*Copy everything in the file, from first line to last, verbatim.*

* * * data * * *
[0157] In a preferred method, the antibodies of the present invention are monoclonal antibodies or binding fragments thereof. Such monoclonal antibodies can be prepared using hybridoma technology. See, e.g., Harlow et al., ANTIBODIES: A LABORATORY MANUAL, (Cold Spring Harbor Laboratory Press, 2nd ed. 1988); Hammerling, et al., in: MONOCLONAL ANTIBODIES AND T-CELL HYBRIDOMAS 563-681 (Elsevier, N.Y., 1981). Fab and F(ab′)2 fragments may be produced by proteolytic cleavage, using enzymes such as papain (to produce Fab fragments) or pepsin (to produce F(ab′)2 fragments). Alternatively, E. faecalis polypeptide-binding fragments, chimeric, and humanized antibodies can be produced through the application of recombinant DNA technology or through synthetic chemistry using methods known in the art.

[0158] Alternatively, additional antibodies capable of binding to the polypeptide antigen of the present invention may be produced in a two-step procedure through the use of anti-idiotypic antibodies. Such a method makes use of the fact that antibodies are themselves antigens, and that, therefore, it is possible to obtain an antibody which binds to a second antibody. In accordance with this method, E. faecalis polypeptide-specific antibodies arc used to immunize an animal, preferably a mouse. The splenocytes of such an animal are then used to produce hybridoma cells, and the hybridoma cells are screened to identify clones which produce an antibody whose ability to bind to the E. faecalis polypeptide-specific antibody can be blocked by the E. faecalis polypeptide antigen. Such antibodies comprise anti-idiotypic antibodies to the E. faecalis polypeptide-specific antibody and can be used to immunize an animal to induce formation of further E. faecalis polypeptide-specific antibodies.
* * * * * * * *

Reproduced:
[0157] In a preferred method, the antibodies of the present invention are monoclonal antibodies or binding fragments thereof. Such monoclonal antibodies can be prepared using hybridoma technology. See, e.g., Harlow et al., ANTIBODIES: A LABORATORY MANUAL, (Cold Spring Harbor Laboratory Press, 2nd ed. 1988); Hammerling, et al., in: MONOCLONAL ANTIBODIES AND T-CELL HYBRIDOMAS 563-681 (Elsevier, N.Y., 1981). Fab and F(ab′)2 fragments may be produced by proteolytic cleavage, using enzymes such as papain (to produce Fab fragments) or pepsin (to produce F(ab′)2 fragments). Alternatively, E. faecalis polypeptide-binding fragments, chimeric, and humanized antibodies can be produced through the application of recombinant DNA technology or through synthetic chemistry using methods known in the art.

[0158] Alternatively, additional antibodies capable of binding to the polypeptide antigen of the present invention may be produced in a two-step procedure through the use of anti-idiotypic antibodies. Such a method makes use of the fact that antibodies are themselves antigens, and that, therefore, it is possible to obtain an antibody which binds to a second antibody. In accordance with this method, E. faecalis polypeptide-specific antibodies arc used to immunize an animal, preferably a mouse. The splenocytes of such an animal are then used to produce hybridoma cells, and the hybridoma cells are screened to identify clones which produce an antibody whose ability to bind to the E. faecalis polypeptide-specific antibody can be blocked by the E. faecalis polypeptide antigen. Such antibodies comprise anti-idiotypic antibodies to the E. faecalis polypeptide-specific antibody and can be used to immunize an animal to induce formation of further E. faecalis polypeptide-specific antibodies.